Tehran denies holding people for political reasons.

MESSAGE SENT
Malley was speaking in a joint interview with Barry Rosen, a 77-year-old former US diplomat who has been on hunger strike in Vienna to demand the release of US, British, French, German, Austrian and Swedish prisoners in Iran, and that no nuclear agreement be reached without their release.
Rosen was one of more than 50 US diplomats held during the 1979-1981 Iran hostage crisis.
“I’ve spoken to a number of the families of the hostages who are extraordinarily grateful for what Mr.Rosen is doing but they also are imploring him to stop his hunger strike, as I am, because the message has been sent,” Malley said.
Rosen said that after five days of not eating he was feeling weak and would heed those calls.
“With the request from Special Envoy Malley and my doctors and others, we’ve agreed (that) after this meeting I will stop my hunger strike but this does not mean that others will not take up the baton,” Rosen said.
The indirect talks between Iran and the United States on bringing both countries back into full compliance with the landmark 2015 nuclear deal are in their eighth round. Iran refuses to hold meetings with US officials, meaning others shuttle between the two sides.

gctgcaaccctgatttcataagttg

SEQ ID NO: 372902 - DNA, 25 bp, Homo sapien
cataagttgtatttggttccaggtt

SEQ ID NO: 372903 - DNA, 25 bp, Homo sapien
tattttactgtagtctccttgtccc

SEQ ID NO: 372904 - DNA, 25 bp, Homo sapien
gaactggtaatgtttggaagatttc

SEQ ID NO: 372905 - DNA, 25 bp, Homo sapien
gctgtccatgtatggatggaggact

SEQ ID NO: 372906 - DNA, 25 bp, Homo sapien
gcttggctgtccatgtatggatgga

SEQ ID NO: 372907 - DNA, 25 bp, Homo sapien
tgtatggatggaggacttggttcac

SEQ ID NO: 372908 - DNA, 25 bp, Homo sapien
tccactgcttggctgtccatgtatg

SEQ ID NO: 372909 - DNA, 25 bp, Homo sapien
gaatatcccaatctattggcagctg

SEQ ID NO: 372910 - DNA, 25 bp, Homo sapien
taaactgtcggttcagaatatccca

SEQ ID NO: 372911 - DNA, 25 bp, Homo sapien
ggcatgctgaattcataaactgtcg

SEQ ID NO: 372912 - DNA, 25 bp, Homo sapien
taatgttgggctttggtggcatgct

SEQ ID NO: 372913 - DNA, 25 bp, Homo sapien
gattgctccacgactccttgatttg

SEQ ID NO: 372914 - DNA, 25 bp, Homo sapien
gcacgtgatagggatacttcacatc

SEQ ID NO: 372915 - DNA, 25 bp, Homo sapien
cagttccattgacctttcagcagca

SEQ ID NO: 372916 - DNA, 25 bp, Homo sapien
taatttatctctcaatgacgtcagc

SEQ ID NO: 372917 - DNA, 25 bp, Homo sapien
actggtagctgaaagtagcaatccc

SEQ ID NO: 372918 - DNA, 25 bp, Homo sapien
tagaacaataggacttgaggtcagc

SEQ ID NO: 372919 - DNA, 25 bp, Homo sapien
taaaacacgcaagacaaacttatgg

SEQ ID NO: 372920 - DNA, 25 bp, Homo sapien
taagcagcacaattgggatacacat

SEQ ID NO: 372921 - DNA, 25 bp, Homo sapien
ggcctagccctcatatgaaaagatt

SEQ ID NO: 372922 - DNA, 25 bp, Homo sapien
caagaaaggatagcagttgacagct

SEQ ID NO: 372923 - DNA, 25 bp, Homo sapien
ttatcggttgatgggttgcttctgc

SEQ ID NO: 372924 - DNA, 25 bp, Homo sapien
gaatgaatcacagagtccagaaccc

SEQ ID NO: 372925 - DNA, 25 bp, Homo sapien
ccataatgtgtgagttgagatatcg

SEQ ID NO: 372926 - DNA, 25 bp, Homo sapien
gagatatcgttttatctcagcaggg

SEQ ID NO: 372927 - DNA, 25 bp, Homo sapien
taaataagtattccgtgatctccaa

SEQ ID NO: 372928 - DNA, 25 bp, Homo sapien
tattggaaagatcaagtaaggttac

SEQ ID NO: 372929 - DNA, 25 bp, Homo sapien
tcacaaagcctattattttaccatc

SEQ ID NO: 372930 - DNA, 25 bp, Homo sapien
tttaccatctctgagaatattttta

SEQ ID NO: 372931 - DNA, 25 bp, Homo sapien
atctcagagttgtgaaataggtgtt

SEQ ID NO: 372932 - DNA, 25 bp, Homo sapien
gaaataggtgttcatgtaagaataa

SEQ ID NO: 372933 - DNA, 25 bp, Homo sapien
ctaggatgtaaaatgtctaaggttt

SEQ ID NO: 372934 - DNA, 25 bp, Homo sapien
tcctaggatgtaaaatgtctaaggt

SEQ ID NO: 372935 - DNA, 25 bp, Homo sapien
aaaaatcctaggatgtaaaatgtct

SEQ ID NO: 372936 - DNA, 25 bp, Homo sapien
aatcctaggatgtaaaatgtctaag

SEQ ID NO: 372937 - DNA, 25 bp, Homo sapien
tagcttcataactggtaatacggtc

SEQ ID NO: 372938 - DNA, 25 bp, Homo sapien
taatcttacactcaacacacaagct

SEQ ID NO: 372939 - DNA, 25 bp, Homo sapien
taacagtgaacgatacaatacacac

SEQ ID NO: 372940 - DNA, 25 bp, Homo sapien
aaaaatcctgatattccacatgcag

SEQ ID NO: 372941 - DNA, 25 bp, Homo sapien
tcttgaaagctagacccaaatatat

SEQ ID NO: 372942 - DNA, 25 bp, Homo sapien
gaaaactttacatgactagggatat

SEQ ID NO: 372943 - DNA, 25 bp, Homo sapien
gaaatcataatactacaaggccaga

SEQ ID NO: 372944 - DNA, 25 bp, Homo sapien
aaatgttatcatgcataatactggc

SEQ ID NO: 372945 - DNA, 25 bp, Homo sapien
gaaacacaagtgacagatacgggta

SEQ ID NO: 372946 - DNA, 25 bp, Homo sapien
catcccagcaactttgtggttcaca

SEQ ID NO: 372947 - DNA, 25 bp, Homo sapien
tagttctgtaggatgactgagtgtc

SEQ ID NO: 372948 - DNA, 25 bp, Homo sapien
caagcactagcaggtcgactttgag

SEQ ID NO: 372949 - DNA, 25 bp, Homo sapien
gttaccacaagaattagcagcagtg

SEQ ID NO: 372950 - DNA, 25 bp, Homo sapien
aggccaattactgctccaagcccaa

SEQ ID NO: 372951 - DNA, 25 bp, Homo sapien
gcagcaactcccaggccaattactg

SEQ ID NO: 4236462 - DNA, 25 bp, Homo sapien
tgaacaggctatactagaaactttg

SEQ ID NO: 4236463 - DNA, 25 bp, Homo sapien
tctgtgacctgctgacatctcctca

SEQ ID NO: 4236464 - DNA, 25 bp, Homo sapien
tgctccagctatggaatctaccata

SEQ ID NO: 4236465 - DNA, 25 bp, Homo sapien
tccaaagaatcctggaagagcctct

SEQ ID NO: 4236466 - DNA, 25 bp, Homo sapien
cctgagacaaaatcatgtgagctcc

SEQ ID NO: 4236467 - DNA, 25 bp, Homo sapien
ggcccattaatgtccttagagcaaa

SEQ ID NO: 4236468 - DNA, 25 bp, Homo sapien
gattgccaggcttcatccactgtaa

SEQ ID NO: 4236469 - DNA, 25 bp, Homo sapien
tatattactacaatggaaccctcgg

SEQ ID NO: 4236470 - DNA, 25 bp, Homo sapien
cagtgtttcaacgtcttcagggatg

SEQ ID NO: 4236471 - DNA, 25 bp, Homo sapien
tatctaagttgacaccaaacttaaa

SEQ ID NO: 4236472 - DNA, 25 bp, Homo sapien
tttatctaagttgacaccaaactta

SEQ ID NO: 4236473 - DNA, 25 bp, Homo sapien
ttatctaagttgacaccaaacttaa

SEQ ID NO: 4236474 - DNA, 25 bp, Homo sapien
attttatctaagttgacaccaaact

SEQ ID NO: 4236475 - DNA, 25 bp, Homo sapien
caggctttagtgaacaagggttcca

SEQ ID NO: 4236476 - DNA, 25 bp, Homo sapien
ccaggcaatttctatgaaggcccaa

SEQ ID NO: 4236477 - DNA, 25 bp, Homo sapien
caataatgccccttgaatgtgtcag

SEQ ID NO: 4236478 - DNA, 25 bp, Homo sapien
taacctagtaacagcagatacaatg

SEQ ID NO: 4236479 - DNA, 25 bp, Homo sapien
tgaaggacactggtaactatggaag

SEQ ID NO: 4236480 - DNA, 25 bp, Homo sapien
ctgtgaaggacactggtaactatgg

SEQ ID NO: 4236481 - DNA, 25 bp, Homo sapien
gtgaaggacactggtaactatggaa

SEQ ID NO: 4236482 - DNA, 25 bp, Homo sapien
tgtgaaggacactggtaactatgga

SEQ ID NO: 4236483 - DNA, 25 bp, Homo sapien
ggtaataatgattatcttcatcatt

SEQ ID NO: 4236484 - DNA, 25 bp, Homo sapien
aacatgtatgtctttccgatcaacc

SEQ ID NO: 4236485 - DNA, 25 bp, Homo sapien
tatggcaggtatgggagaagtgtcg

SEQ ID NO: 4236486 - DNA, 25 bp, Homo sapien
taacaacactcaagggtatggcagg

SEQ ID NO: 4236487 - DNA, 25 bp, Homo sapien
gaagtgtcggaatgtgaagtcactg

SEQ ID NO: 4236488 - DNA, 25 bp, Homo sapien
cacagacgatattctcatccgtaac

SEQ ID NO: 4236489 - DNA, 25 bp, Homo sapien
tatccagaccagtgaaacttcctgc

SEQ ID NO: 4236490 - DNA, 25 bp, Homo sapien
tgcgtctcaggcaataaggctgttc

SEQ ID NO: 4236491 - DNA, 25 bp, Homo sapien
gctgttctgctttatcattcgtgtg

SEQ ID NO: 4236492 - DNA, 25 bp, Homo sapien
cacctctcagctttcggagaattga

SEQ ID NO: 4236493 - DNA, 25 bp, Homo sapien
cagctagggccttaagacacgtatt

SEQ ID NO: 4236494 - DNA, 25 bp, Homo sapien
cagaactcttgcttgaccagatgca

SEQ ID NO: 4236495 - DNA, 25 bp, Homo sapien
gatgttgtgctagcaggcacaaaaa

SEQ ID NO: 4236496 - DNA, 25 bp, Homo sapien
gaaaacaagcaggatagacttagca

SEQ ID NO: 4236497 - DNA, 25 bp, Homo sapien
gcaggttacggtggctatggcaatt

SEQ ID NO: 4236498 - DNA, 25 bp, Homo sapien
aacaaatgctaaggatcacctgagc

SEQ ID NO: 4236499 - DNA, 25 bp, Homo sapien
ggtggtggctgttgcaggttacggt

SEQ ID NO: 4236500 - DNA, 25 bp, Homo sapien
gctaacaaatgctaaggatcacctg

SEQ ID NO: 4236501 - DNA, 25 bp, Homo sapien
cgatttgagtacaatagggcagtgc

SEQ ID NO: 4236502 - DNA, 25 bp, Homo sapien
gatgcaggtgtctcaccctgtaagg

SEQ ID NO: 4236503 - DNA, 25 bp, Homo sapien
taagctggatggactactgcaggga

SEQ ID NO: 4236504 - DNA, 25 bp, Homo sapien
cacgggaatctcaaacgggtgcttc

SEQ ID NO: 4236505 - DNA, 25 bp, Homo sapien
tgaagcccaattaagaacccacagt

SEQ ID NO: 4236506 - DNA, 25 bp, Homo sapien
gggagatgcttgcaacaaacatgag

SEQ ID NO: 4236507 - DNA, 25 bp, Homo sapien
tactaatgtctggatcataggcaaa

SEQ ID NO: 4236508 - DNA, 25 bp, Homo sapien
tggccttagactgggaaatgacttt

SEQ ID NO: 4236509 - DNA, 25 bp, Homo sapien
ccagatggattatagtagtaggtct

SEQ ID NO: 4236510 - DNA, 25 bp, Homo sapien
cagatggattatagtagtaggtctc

The deal between Iran and major powers lifted sanctions against Tehran in exchange for restrictions on its nuclear activities that extended the time it would need to obtain enough fissile material for a nuclear bomb if it chose to. Iran denies seeking nuclear weapons.
Then-President Donald Trump pulled the United States out of the deal in 2018, reimposing punishing economic sanctions against Tehran. Iran responded by breaching many of the deal’s nuclear restrictions, to the point that Western powers say the deal will soon have been hollowed out completely.

LEVERAGE
Asked if Iran and the United States might negotiate directly, Malley said: “We’ve heard nothing to that effect. We’d welcome it.”
The four US citizens include Iranian-American businessman Siamak Namazi, 50, and his father Baquer, 85, both of whom have been convicted of “collaboration with a hostile government.” Namazi remains in prison. His father was released on medical grounds in 2018 and his sentence later reduced to time served. While the elder Namazi is no longer jailed, a lawyer for the family says he is effectively barred from leaving Iran.
“Senior Biden administration officials have repeatedly told us that although the potential Iranian nuclear and hostage deals are independent and must be negotiated on parallel tracks, they will not just conclude the nuclear deal by itself,” said Jared Genser, pro bono counsel to the Namazi family.
“Otherwise, all leverage to get the hostages out will be lost,” he added.
The others are environmentalist Morad Tahbaz, 66, who is also British, and businessman Emad Shargi, 57.